Everyone has heard the phrase “A dog is a man’s best friend.” And while that may be true in some cases, in others, a dog can be a vicious adversary. When someone else’s dog aggressively attacks and injures you, you may have a valid case against the dog’s owner for negligence, entitling you to damages.
If you have been attacked by a dog or other animal, contact our dog bite attorneys in Queens today. The Cassisi Law Firm proudly offers free consultations.
According to the Centers for Disease Control, roughly 4.7 million people are bitten by dogs in the United States every year, with over 850,000 of these bites requiring medical treatment. Insurance companies pay out over $1 billion annually to cover the costs of dog bite injuries.
A little less than half of dog bite injuries are to hands or arms, another quarter are to legs or feet, and almost a quarter are to the head or neck. Dogs can carry dangerous diseases such as rabies or parvovirus, and dog bite injuries can cause permanent scars, physical disfigurement, or even disability. Dog attacks can also cause emotional and psychological trauma.
The victims most likely to suffer the worst are the elderly and young children, who may lack the strength or know-how to fend off a dog attack, and who are also the most physically vulnerable. According to the American Humane Association, half of all dog attacks involve children less than 12 years old, seven-tenths of all dog attack fatalities are to children under 10, and over three-quarters of all dog bite emergency room visits involve children under 15.
New York’s dog bite laws are codified in Agriculture and Markets Law, Sections 120 and 121. The law addresses many details, including explaining the criminal liability that may attach for dog attacks. One important point to note is that New York imposes strict liability on dog owners for the medical costs incurred due to injuries inflicted by their dogs. However, the law is more complex when it comes to seeking other damages.
All dog owners owe a duty to the public to prevent their dogs from harming others. But to impose liability for negligence upon a dog’s owner or custodian, New York operates under the “one bite” rule. Basically, the rule holds that an owner is negligent, and therefore can be held liable for all the injuries caused by a dog, only if the owner knew or had reason to know that his dog had dangerous tendencies.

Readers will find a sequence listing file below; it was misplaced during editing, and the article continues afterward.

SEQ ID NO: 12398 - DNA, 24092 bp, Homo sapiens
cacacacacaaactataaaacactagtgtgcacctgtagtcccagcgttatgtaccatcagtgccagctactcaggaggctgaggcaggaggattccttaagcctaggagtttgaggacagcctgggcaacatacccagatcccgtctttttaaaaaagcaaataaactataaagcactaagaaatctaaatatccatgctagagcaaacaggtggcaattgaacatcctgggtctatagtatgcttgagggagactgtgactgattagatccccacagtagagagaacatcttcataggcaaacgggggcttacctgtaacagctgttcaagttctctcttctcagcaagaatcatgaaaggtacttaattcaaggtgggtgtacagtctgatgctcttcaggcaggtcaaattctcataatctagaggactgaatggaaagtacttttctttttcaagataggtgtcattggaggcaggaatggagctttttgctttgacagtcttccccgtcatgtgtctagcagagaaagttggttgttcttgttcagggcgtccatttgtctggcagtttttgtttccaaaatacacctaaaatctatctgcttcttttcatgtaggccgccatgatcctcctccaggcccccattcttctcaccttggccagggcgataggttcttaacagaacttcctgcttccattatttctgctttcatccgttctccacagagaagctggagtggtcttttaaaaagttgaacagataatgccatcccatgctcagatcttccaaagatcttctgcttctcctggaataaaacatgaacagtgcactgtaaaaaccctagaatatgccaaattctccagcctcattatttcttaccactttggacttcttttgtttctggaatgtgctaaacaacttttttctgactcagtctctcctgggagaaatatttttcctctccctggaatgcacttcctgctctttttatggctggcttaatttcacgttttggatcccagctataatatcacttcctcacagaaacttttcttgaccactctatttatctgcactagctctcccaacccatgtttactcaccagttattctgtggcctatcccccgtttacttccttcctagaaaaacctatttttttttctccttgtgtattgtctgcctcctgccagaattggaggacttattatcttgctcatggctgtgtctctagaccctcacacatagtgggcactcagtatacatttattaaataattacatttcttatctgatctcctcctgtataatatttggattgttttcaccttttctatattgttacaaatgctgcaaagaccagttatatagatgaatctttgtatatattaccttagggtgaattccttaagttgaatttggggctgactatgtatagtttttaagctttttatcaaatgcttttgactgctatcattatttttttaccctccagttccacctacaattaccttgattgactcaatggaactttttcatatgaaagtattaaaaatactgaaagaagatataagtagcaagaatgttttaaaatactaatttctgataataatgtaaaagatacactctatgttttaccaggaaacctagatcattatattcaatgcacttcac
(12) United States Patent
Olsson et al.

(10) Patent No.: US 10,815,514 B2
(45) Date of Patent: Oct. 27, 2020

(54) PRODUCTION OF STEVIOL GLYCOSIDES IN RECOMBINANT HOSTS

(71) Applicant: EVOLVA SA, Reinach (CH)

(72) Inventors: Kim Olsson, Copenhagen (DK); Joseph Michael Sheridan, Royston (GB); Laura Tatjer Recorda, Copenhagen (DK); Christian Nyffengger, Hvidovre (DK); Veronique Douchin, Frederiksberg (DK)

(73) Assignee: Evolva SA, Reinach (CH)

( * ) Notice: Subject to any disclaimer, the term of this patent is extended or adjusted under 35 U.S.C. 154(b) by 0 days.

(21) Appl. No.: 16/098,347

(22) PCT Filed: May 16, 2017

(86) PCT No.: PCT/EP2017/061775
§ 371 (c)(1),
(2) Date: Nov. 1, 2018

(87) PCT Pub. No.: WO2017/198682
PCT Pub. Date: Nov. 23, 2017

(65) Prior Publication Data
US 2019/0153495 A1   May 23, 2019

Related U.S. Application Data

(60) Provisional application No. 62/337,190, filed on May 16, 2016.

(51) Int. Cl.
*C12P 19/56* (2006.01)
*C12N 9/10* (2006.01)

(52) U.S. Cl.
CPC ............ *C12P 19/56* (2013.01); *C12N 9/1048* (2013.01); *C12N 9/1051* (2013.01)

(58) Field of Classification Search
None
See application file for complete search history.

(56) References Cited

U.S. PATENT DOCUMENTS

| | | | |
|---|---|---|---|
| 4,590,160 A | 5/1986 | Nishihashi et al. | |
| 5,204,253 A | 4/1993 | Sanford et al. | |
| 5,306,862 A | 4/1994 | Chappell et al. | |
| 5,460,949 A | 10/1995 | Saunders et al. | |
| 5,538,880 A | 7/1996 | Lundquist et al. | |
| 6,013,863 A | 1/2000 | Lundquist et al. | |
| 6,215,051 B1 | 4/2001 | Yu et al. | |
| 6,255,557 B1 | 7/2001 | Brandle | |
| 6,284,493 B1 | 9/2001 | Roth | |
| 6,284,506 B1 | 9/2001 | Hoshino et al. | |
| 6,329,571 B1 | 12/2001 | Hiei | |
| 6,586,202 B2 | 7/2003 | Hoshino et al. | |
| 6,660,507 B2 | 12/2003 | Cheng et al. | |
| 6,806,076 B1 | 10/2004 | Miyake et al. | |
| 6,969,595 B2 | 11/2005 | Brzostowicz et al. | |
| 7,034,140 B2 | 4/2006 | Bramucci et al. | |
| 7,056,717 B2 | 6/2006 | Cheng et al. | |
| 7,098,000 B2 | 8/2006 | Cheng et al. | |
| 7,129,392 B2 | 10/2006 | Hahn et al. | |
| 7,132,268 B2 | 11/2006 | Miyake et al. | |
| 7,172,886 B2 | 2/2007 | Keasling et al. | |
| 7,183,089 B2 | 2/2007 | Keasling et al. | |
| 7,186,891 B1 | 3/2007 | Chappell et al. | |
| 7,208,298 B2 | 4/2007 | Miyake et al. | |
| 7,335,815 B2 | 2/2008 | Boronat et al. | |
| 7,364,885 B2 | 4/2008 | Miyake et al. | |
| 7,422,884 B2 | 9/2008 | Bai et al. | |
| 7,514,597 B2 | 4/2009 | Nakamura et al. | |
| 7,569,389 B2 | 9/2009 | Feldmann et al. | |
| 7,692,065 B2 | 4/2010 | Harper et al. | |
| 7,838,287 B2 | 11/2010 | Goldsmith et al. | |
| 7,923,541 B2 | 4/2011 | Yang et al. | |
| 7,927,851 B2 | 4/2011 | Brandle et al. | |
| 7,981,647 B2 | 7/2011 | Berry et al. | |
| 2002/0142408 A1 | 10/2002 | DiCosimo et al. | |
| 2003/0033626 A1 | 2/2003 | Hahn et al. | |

Although the rule is frequently described as giving a dog one “free” bite before liability attaches (that is, a dog does not pose a danger until he bites a person but, after that, the owner should know that he has a “dangerous dog”), the law does not strictly operate that way. There may be other indications besides biting—such as growling, snapping, baring teeth, or exhibiting other aggressive or threatening behavior—that would prove that the owner knew he had a dangerous dog. Additionally, the law applies to other behaviors that may cause injury, such as jumping up and knocking people down. Further, the law provides that recovery may be available not only for injuries to people, but to farm animals, companion animals (such as guide dogs), and pets.
There are also some important exceptions in the law. For example, even a “dangerous dog” attack will not give rise to liability if, at the time of the injury, the dog was defending itself, its offspring, its owner, or another person from attack, or if the “victim” was bitten while breaking into the dog owner’s home for criminal purposes.
Depending upon the circumstances, New York’s dog bite laws may allow an individual to sue a dog’s owner for damages resulting from a dog attack. We offer a free consultation to Queens residents and others to help find out if they may have a case. We also have represented numerous clients throughout the Bronx and Brooklyn, as well as in Suffolk and Nassau Counties, in a broad variety of personal injury cases.
For your free consultation, contact us at 718-441-5050, or use our contact form.